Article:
Video Tip of the Week: FancyGene for quick accurate diagrams
We offer a lot of training on some complex tools with huge volumes of data and features that researchers need to explore genomic regions of interest, or pathways important to their work, and more. But there are plenty of times when what a researcher needs is a simpler solution to solve an immediate smaller problem: generating diagrams to explain their own research. It might be needed for a lab meeting, or a seminar, or a grant proposal. But it’s still something that really can matter. And you may be trying to represent new data that’s not in a current database, and to highlight specific features that are important to the point you need to make.
Today we highlight another tool of this sort that we learned about on BioStars: FancyGene. It’s a handy web-based tool that can help you to illustrate features of interest on a sequence, that you can customize and output in various ways to suit your purpose.
The question on BioStar was from a person who needed to diagram 73 mutations on a gene with 60 exons. Zoiks! Imagine trying to hack that out in PowerPoint–right? But you can do that sort of thing with FancyGene. You don’t need to know how to program–you can create everything you want with just a little structure and syntax. Or if the data you want is in an existing resource, you can export the data from tools that give GTF (gene transfer format) output and load that right up. I’ll use an example of that in my tip today, starting with the UCSC Genome Browser to show you how that works.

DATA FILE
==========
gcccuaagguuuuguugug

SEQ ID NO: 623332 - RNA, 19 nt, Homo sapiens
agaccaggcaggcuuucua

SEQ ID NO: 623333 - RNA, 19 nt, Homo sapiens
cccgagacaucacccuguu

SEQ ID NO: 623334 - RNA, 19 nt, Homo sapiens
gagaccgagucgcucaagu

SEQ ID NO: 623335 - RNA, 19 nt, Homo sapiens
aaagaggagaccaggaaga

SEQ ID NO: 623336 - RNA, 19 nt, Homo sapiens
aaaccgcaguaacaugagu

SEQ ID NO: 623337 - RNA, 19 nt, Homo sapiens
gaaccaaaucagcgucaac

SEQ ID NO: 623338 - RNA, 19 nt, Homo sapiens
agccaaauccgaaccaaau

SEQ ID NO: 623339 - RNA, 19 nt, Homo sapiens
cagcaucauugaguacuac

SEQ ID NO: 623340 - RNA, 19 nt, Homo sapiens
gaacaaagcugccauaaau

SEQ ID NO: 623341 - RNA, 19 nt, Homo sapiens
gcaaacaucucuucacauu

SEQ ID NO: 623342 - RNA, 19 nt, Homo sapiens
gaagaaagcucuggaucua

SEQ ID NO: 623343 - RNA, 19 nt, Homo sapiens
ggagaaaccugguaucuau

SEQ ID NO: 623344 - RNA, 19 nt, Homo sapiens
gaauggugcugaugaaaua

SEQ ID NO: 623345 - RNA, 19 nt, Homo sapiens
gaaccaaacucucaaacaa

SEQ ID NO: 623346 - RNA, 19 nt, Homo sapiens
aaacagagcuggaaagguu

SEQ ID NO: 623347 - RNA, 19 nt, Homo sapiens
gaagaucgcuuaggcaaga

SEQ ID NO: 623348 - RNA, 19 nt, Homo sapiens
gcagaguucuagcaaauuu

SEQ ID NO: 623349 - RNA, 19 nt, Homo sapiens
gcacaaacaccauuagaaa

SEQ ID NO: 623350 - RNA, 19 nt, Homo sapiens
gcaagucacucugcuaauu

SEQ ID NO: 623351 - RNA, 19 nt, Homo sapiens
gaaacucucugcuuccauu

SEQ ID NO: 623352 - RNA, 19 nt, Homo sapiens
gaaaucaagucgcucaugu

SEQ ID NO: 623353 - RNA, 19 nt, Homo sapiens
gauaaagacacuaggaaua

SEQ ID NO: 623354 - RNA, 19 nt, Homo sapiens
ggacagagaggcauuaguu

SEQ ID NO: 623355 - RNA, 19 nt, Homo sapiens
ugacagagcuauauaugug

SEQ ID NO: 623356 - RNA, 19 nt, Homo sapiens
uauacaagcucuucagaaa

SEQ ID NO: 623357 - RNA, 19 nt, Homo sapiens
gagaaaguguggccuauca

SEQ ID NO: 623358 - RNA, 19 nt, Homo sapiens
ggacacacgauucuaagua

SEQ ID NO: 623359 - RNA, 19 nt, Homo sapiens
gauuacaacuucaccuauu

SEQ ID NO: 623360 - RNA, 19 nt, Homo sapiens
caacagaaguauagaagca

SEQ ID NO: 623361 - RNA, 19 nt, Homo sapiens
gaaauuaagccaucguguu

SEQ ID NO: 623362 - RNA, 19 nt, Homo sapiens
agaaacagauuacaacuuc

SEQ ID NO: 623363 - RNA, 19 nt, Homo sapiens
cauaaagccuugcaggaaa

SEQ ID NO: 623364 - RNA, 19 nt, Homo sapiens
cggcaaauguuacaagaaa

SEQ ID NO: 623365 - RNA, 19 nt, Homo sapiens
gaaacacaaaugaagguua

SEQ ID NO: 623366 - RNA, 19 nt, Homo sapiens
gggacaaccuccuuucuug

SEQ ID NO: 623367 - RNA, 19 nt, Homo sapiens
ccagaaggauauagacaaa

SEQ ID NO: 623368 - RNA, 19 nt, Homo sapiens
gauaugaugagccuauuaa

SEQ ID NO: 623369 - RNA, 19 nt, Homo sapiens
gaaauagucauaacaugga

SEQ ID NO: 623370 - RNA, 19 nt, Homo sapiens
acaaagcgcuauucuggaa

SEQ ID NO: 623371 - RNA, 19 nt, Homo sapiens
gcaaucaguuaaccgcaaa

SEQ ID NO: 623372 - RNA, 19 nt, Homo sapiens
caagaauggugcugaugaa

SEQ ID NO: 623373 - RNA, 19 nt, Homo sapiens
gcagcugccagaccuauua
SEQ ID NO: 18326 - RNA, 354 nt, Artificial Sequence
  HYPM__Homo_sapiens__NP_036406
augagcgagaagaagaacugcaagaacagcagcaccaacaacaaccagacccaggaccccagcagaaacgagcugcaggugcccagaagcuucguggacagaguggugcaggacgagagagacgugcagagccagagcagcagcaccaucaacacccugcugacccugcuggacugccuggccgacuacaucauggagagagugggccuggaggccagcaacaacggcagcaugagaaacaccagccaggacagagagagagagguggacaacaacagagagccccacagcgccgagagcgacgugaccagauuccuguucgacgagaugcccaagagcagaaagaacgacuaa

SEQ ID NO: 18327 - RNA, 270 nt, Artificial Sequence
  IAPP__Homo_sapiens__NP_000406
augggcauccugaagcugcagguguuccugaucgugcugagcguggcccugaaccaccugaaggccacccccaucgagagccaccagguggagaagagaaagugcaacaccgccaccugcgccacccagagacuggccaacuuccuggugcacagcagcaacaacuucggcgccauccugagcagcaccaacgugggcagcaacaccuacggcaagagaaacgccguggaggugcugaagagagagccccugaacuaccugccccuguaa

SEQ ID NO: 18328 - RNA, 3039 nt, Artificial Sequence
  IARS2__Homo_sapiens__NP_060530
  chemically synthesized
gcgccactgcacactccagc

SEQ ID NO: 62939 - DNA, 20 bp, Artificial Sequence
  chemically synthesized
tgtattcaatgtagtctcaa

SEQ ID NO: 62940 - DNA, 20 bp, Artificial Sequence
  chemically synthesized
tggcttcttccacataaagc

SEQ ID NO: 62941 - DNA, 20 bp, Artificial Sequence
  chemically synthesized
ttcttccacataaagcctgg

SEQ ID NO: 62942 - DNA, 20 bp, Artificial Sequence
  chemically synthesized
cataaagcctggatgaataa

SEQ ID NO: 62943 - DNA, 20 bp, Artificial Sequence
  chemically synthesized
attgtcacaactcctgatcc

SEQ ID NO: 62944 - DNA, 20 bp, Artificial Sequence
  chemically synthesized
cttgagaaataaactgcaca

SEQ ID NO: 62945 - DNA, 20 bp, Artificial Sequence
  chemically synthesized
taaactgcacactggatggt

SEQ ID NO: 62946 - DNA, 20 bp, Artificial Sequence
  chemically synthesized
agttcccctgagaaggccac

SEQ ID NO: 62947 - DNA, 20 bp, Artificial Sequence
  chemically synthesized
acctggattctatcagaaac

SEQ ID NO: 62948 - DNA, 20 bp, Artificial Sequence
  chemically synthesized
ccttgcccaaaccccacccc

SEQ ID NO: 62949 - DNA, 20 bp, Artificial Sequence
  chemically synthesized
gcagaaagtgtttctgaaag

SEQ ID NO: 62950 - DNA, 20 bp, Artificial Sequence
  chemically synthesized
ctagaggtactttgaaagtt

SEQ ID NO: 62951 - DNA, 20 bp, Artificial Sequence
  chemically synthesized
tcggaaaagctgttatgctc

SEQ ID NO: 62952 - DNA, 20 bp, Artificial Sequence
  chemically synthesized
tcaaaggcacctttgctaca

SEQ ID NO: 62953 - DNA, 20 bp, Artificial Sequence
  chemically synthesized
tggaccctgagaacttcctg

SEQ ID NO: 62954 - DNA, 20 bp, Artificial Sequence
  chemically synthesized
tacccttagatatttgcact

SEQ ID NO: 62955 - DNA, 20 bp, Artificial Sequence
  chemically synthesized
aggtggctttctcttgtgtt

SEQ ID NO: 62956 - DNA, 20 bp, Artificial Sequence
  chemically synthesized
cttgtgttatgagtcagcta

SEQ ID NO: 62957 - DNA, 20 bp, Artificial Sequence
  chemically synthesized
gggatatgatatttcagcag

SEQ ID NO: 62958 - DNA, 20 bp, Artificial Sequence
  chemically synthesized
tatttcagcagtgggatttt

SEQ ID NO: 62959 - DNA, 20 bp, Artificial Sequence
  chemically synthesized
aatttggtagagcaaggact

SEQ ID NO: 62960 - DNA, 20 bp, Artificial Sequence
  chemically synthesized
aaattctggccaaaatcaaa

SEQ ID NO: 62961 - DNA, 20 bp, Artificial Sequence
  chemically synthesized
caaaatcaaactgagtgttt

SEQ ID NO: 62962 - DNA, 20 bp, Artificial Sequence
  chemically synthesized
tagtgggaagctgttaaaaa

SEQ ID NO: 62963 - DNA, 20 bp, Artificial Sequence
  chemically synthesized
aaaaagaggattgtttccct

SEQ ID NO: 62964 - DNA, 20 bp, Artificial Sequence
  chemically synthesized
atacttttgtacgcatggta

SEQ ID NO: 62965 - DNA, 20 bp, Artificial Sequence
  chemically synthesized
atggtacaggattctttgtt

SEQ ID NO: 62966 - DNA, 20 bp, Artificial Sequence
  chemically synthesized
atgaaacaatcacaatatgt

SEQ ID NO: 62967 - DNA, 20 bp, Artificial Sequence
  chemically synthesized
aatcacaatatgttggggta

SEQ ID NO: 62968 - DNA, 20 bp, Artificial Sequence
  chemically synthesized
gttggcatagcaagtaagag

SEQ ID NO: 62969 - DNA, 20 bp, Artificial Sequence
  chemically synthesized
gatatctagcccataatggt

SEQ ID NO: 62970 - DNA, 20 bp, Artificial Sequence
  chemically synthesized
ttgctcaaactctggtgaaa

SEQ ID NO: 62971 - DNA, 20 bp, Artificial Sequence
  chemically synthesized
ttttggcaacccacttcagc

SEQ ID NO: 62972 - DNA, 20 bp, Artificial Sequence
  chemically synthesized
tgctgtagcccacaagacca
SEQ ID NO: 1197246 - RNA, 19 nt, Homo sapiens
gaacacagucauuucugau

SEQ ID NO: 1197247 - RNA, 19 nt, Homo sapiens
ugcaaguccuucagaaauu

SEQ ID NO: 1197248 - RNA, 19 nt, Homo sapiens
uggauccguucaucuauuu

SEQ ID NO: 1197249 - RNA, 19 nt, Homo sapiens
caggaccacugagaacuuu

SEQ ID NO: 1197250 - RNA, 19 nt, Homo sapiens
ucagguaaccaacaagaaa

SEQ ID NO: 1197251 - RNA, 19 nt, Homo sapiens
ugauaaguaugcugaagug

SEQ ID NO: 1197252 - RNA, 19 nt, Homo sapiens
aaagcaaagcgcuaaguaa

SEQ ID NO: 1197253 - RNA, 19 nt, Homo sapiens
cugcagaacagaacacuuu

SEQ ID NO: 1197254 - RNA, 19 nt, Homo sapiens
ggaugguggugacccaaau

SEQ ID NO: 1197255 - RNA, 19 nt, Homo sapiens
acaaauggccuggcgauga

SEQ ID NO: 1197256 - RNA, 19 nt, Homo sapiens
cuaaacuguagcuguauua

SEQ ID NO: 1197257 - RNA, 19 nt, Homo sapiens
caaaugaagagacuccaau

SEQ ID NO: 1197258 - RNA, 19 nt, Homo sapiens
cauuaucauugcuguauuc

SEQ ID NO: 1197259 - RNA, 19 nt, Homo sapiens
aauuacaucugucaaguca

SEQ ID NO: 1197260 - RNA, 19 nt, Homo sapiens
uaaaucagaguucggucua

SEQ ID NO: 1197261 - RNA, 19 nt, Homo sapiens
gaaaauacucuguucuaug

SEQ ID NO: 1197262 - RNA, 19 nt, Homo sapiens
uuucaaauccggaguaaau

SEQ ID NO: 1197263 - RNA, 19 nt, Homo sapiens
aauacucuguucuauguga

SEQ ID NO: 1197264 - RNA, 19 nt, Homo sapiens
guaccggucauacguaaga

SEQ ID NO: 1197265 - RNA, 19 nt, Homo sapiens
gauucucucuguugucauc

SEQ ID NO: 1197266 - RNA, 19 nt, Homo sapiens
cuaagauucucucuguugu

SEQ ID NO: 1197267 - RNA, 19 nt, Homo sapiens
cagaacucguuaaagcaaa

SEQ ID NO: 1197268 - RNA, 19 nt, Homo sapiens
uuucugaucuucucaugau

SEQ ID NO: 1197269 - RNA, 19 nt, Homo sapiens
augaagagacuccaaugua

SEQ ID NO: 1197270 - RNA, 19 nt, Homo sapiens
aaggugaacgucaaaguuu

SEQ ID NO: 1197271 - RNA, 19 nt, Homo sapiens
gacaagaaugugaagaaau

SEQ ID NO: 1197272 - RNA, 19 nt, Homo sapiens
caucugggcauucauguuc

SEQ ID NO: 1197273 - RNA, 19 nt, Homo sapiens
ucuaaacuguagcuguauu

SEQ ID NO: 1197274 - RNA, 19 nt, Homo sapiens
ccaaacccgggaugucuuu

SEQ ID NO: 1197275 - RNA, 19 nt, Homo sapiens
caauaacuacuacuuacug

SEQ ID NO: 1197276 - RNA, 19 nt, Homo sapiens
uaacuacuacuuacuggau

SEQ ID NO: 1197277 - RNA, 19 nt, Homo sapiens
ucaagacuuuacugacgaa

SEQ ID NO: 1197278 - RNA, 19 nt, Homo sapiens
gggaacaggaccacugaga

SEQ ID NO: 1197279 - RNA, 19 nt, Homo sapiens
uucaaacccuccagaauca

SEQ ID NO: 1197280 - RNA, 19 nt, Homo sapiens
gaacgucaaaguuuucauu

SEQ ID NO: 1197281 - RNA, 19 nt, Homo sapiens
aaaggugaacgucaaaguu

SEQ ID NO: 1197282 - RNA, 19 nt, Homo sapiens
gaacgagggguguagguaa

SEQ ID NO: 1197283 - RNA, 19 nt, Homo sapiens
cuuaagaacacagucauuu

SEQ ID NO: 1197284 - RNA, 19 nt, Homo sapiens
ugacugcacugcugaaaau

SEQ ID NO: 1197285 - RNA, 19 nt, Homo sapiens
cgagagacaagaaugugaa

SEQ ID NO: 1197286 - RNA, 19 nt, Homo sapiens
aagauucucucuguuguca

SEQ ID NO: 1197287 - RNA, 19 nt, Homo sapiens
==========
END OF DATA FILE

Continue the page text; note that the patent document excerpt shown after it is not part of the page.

You can look at their paper and their documentation for more features and guidance, such as:
FancyGene also accepts a simpler format, which is intended for sequences not yet added into the databases. In this format, each line contains the start and end points of the gene exons, while introns are computed automatically. If known, it is possible to add a label to define the direction of transcription, as well as information on UTRs.
And in the past we know we’ve had a lot of questions about how to represent domains, so I wanted to highlight that as well:
Information on domain architecture (domain name, start and end within the protein sequence) can be uploaded either manually by the user, or automatically by using the summary provided by public domain databases, such as SMART (Letunic et al., 2009) (http://smart.embl-heidelberg.de/) and PFAM (Finn et al., 2008) (http://pfam.sanger.ac.uk/). FancyGene automatically converts the amino acidic coordinates of the protein domain into nucleotide coordinates and superimposes the domain architecture starting from the first coding exon.
If you need to diagram some features on your favorite genes, check out FancyGene to see if it will offer you the things you’d like to see. Below I’ve also linked to a couple of other tools that do other types of simple and user-friendly but important visualizations of data.
Quick link to FancyGene:
http://host13.bioinfo3.ifom-ieo-campus.it/fancygene/ Apparently has a new home: http://bio.ieo.eu/fancygene/
Previous tips on other tools of this nature, for simple graphical representations:
Tip of the Week: DomainDraw for quick motif diagrams
Tip of the Week: Draw your own domains (MyDomains)
Tip of the Week: WebLogo for representation of alignment/motifs
Tip of the Week: IceLogo for conserved sequence displays
Guidance on the UCSC Table Browser (free sponsored tutorial): http://www.openhelix.com/ucscadv
Rambaldi, D., & Ciccarelli, F. (2009). FancyGene: dynamic visualization of gene structures and protein domain architectures on genomic loci Bioinformatics, 25 (17), 2281-2282 DOI: 10.1093/bioinformatics/btp381